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Table 5 Multiple regression results with CBI scales as dependent variables and stress subscales as independent, adjusted for demographics and other sample characteristics

From: The impact of occupational stress on nurses’ caring behaviors and their health related quality of life

  Assurance of human presence Professional knowledge and skill Respect for patient Positive connectedness
β (SE)a P β (SE)a P β (SE)a P β (SE)a P
Death and Dying Stressors −0.06 (0.07) 0.340 −0.08 (0.07) 0.250 −0.10 (0.07) 0.168 −0.11 (0.08) 0.185
Inadequate Emotional Preparation Stressors −0.10 (0.05) 0.042 −0.10 (0.05) 0.051 −0.09 (0.06) 0.130 −0.06 (0.06) 0.306
Discrimination Stressors −0.08 (0.05) 0.092 −0.10 (0.05) 0.024 −0.13 (0.05) 0.013 −0.08 (0.06) 0.149
Workload Stressors −0.19 (0.06) 0.001 −0.15 (0.06) 0.008 −0.23 (0.07) 0.001 −0.25 (0.07) <0.001
Uncertainty Concerning Treatment Stressors −0.20 (0.05) <0.001 −0.15 (0.05) 0.005 −0.26 (0.06) <0.001 −0.28 (0.06) <0.001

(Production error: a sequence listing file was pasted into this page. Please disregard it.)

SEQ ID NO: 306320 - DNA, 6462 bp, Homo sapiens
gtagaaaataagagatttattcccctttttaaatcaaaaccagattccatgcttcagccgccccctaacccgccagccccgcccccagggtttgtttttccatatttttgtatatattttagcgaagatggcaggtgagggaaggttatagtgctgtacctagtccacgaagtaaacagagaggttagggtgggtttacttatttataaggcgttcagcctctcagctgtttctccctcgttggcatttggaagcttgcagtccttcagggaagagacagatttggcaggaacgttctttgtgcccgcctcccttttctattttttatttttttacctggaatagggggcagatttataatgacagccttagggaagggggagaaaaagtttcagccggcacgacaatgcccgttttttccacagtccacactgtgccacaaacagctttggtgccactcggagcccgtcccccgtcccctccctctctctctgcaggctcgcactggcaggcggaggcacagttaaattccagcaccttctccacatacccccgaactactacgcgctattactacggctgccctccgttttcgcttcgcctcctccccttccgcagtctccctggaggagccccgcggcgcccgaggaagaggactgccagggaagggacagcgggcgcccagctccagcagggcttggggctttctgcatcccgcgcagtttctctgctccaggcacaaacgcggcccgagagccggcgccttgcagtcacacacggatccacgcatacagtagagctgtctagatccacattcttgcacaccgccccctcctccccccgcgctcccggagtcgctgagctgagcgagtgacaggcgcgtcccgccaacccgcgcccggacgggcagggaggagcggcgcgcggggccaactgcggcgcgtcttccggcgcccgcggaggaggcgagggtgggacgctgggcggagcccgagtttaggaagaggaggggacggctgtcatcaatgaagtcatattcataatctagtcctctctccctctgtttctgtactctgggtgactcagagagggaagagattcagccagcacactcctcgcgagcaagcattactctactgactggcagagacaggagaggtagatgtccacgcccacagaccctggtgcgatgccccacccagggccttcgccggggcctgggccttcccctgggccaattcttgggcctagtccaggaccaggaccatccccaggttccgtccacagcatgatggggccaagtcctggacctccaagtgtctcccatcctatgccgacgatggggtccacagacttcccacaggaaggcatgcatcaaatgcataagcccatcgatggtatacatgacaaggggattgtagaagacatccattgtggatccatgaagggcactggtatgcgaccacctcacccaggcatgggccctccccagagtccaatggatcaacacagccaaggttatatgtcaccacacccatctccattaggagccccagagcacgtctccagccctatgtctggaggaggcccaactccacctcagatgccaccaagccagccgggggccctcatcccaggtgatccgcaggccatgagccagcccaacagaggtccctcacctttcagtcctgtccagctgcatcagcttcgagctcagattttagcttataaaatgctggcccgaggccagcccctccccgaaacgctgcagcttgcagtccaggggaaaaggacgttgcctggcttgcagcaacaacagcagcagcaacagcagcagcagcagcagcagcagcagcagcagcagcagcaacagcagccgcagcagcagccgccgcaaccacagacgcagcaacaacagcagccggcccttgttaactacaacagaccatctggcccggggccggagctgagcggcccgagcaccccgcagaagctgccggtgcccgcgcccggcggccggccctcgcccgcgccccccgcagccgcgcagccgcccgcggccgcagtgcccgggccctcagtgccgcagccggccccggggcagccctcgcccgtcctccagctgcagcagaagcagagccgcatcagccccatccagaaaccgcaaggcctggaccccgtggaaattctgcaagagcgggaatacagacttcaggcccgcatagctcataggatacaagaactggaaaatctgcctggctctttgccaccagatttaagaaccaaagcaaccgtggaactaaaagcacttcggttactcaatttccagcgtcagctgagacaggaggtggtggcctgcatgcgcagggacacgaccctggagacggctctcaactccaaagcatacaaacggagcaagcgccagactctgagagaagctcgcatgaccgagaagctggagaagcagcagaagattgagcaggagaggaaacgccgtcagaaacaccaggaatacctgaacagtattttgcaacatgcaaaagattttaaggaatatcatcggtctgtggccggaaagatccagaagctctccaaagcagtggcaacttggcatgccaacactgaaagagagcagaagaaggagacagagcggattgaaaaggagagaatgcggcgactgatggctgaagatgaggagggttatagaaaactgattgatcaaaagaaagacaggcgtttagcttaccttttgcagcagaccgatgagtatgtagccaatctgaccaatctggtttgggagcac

Conflict with Physician Stressors −0.17 (0.05) 0.002 −0.08 (0.05) 0.121 −0.24 (0.06) <0.001 −0.24 (0.06) <0.001
Problems with Peers Stressors −0.18 (0.06) 0.001 −0.23 (0.05) <0.001 −0.21 (0.06) 0.001 −0.20 (0.07) 0.004
Problems with Supervision Stressors −0.21 (0.06) <0.001 −0.15 (0.06) 0.008 −0.29 (0.06) <0.001 −0.31 (0.07) <0.001
Patient and Family Stressors −0.11 (0.06) 0.056 0.02 (0.06) 0.715 −0.13 (0.06) 0.042 −0.13 (0.07) 0.059
Total stress score −0.27 (0.08) <0.001 −0.21 (0.07) 0.006 −0.35 (0.08) <0.001 −0.35 (0.09) <0.001
  1. aregression coefficient (standard error) adjusted for sex, age, family status, having children, educational level, working sector, working experience, shift and working position